Like all great songwriting partnerships, the pair bring very different yet complementary elements. Asked whether she brings dark and offbeat ideas to Finneas’ more conventional, musicianly work, similar to the songs on his recent solo EP, “Blood Harmony,” Eilish initially dismisses the concept. But a few minutes later, she pipes up, “You know what?,” she exclaims. “I was just thinking about the question you asked, about him having a more classic and straightforward songwriting and mine being kind of darker — it’s actually really interesting because it’s true, and I’d never thought about that. I think it’s because he is really good at writing a verse-chorus-verse-chorus-bridge core, and I’ve grown up listening to and really liking songs that have, like, no structure, like Frank Ocean or Imogen Heap — songs that kind of don’t make sense, but they do. I actually love that, because it’s another way that we get things right.”
Yet at the same time, Eilish brings a classic, old-school pop flavor to earlier songs like “Idontwannabeyouanymore” and “My Boy” that many critics have cited as Amy Winehouse or Lana Del Rey influences, but actually goes back to the 1950s singers her parents played at home. “That’s also part of how I was taught,” she says, “I used to listen to tons of old music — Frank Sinatra, Peggy Lee, Etta James, Johnny Mathis and people like that — where all the songs had a perfect songwriting structure.” And while her and Finneas’ work is unconventional, it’s just as labored-over. “We’re pretty much perfectionists, even when we’re intentionally not following ‘perfect’ song structure.”
Given their schedules, the pair find time to listen to a remarkable amount of music — Eilish lugs around an extremely heavy backpack with two big speakers inside that she rocks with her playlists at every opportunity. Asked what she’s been listening to lately, she pulls out her phone and cites British singer Elouise, singer-songwriters Banks and Sabrina Claudio, female rappers Tierra Whack and Melii along with older artists like Avril Lavigne, Christina Aguilera, En Vogue and TLC. Finneas lists the latest albums from Post Malone, James Blake and Dominic Fike along with “revisiting” Chris Cornell’s work and Coldplay’s “Viva la Vida” alongside influences ranging from rock bands like Green Day and Imagine Dragons to singer-songwriters like Ben Folds, Duncan Sheik and Glen Hansard.
Yet what may be most remarkable about this unusual partnership is that at a time when most hit songs are created by songwriter-producer committees that can number a dozen or more, Eilish and Finneas write nearly all of their songs themselves, with Finneas producing. It was a hard-won process, as their label and management initially encouraged them to work with more-experienced songwriter-producers.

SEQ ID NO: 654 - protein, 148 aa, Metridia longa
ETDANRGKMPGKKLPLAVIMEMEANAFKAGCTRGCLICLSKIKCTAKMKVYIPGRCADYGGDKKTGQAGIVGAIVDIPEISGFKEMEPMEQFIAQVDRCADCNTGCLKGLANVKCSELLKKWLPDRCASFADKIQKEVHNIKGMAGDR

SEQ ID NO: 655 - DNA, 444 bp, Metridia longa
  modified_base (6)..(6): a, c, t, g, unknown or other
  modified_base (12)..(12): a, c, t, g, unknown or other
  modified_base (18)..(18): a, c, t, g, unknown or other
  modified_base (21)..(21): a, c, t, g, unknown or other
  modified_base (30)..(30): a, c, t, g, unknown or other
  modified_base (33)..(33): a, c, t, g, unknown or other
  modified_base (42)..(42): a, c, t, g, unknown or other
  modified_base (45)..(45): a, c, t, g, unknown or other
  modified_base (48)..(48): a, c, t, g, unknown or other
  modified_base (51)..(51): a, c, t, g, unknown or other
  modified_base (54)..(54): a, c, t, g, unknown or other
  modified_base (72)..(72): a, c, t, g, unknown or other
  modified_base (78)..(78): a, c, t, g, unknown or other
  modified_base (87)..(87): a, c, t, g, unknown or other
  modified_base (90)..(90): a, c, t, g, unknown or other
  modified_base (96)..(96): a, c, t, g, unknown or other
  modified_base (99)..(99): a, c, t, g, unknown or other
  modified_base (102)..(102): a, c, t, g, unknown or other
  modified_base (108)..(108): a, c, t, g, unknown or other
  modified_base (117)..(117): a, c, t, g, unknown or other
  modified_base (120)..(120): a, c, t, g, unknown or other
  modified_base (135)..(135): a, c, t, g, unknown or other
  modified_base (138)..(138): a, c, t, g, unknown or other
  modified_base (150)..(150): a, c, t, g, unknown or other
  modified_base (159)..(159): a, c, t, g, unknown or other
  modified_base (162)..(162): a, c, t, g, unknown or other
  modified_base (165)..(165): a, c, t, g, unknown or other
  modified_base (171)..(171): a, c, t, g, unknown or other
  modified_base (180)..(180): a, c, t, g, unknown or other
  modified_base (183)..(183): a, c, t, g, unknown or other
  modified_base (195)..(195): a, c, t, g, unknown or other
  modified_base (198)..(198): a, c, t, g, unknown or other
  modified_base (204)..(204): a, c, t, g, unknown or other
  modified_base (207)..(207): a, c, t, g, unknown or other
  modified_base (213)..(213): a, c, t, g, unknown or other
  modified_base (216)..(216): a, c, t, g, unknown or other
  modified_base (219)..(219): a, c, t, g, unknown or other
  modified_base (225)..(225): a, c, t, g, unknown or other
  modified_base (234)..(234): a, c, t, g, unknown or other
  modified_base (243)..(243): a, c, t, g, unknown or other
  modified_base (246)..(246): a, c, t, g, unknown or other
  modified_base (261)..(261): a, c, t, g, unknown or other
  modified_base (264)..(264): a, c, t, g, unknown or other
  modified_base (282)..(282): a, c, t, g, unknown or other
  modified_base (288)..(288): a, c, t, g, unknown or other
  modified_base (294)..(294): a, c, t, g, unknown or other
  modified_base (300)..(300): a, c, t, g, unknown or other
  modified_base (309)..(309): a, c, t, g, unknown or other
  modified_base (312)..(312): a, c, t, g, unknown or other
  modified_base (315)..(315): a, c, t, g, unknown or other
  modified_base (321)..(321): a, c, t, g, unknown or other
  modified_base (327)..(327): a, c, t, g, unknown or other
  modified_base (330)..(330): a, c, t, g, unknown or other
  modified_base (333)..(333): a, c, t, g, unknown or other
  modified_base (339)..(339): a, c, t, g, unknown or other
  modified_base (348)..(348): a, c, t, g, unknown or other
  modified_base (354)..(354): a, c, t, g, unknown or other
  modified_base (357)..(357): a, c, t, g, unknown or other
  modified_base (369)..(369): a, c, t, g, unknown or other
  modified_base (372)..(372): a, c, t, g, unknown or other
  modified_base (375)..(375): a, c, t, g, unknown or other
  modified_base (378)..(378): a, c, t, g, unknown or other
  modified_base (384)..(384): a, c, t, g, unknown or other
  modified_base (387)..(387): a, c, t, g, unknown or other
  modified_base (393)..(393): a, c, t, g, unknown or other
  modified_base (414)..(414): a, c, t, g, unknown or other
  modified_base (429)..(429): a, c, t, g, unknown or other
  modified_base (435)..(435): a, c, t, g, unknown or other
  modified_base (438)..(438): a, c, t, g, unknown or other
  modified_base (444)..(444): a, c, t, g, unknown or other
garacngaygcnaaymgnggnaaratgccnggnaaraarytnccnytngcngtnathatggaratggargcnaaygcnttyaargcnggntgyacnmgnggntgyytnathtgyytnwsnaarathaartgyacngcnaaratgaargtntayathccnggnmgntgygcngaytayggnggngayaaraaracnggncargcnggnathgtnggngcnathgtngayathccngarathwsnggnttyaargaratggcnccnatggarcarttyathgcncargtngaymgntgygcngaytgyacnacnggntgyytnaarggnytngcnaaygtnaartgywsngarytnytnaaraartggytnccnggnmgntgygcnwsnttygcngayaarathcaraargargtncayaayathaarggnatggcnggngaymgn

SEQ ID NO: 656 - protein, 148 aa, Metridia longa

“Who would believe that Billie’s [then-] 18-year-old brother would be her only cowriter and producer, and that he’s as good or better than anyone else?,” Baird says. “They were not pushed to do it by the label or their managers, but they did say ‘Let’s just try it and see how it works.’”
Eilish is less diplomatic. “My managers and label are so incredible and I’ve been so lucky with my team that I think I’m pretty spoiled,” she allows. “And it wasn’t like they were forcing us into it. But that was so stupid. It was horrible for a lot of reasons. I was a little tiny teenager who hadn’t written with anyone besides my brother. And there I was, 14, in a room with 40-something-year-old dudes who were trying to write a song with me and Finneas, who was 18. I didn’t want to be doing that! Jeez! Stuck in a room with a bunch of adults, trying to write a song? Gross!
“But we tried it, and I’m glad that we tried it,” she concludes, “so we knew that we didn’t want to do it. And also, all the songs we wrote with [others] were not as good as the songs me and Finneas wrote alone.” (While reps demurred from identifying the collaborators in question, two songs with non-O’Connell family writer-producers were released last year, “Bored” and “Bitches Broken Hearts,” the former with Banks/ Donna Missal collaborators Tim Anderson and Aron Forbes, and the latter with singer/songwriter Emmit Fenn.)
Despite her daughter’s vehemence, Baird is more positive about the outside collaborations. “I actually thought a lot of those songs were good, although Finneas says I like everything they do,” she laughs. “And they’ve actually done a few sessions where they wrote amazing things with other artists, not a [songwriter-producer for hire] — Jessie Reyez, Vince Staples, Khalid — and Finneas was the producer.”